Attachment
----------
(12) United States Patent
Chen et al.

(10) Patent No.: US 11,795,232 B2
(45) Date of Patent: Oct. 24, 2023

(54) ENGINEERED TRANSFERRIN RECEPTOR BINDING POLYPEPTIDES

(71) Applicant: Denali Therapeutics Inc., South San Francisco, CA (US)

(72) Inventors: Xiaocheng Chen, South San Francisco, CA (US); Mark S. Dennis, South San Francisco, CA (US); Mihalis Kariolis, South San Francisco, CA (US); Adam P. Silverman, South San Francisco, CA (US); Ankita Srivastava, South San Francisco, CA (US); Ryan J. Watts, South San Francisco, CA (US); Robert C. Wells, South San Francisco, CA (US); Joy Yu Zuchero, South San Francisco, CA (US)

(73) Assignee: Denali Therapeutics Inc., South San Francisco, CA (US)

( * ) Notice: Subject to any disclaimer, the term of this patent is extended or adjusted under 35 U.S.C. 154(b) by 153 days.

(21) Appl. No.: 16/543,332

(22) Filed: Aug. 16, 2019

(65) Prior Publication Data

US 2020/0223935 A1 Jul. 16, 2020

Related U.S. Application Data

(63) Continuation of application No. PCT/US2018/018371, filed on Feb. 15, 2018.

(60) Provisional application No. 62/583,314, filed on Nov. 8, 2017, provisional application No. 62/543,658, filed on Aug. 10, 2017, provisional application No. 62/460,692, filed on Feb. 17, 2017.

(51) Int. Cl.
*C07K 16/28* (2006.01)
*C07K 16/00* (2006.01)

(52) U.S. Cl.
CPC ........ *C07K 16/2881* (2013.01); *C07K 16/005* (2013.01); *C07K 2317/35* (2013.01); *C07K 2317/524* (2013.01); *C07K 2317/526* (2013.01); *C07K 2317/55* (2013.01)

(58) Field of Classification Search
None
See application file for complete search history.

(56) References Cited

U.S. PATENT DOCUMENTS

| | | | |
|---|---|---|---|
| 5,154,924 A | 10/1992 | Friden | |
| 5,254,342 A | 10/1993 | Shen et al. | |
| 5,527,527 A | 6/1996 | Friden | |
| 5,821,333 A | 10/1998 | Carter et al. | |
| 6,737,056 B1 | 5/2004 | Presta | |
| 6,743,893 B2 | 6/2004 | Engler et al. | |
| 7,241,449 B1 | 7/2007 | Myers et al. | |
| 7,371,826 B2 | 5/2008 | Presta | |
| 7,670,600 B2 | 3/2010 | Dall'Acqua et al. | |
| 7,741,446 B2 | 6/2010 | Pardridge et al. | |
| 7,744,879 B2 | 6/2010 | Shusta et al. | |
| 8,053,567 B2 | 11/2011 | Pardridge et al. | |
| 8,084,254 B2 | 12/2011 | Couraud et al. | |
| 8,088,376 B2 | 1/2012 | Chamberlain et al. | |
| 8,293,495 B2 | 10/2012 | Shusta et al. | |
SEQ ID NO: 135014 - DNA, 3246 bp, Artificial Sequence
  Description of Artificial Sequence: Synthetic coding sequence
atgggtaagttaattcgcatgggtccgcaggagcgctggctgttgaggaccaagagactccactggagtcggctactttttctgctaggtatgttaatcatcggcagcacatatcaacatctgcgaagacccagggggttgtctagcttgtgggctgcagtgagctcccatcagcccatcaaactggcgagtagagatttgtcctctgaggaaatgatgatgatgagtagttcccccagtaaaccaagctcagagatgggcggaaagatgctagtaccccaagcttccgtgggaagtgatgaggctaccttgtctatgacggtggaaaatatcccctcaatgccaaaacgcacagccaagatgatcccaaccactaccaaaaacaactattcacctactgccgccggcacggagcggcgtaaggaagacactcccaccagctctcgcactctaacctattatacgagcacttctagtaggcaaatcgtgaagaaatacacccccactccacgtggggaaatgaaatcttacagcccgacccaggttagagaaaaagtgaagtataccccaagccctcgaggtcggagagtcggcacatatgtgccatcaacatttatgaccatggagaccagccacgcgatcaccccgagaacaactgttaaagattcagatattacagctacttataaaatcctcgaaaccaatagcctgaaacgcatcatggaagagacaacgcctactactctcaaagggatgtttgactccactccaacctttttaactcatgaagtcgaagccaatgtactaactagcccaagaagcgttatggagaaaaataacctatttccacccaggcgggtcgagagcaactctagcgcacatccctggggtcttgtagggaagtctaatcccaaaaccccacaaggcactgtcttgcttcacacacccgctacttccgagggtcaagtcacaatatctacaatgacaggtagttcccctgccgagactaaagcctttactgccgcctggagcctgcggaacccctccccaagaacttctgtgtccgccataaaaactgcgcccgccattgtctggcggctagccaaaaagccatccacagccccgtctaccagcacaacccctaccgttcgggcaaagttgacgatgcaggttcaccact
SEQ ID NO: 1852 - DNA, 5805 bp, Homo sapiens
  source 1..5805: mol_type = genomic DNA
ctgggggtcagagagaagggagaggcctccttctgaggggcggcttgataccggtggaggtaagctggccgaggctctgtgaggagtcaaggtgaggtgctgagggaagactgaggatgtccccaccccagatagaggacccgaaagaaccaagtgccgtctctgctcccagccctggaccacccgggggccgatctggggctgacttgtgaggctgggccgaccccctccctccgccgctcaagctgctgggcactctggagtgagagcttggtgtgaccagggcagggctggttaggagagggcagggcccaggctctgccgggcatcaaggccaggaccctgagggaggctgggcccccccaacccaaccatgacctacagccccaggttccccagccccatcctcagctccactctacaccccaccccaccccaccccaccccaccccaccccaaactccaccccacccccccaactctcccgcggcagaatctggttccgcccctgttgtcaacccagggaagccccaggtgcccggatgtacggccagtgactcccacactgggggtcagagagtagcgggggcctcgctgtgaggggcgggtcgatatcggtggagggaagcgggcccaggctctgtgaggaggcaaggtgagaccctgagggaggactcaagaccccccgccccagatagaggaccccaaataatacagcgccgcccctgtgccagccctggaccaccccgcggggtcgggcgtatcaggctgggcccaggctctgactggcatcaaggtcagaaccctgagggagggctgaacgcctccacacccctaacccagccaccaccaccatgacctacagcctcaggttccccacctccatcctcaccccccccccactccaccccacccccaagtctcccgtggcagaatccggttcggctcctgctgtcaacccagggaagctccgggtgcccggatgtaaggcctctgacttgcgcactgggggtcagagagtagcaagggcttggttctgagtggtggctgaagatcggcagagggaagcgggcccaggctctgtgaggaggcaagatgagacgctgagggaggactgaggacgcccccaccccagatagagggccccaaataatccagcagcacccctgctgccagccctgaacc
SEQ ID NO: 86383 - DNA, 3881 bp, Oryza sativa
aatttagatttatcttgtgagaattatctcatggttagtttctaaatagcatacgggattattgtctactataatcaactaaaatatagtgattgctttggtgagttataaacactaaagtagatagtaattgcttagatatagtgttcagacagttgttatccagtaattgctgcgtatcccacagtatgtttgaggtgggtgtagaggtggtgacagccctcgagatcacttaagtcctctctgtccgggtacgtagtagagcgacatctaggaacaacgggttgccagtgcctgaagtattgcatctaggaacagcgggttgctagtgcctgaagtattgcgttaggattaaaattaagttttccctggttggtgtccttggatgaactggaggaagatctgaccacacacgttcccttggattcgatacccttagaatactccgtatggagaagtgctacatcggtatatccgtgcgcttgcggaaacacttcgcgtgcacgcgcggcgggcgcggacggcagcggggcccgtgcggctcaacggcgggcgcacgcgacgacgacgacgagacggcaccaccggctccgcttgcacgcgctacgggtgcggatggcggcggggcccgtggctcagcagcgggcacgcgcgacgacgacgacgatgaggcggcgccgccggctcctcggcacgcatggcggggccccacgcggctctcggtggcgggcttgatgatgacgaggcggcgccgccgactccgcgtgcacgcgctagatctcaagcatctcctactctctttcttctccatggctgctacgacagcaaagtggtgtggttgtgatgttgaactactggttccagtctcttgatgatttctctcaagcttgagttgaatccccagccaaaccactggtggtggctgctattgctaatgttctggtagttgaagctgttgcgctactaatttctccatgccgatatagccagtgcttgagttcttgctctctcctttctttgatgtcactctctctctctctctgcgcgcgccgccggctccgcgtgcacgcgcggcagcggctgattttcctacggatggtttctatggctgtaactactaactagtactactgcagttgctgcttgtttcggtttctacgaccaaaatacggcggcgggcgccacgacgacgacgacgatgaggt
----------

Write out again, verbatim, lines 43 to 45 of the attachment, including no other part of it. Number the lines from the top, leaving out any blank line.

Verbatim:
| 8,293,495 B2 | 10/2012 | Shusta et al. | |
SEQ ID NO: 135014 - DNA, 3246 bp, Artificial Sequence
  Description of Artificial Sequence: Synthetic coding sequence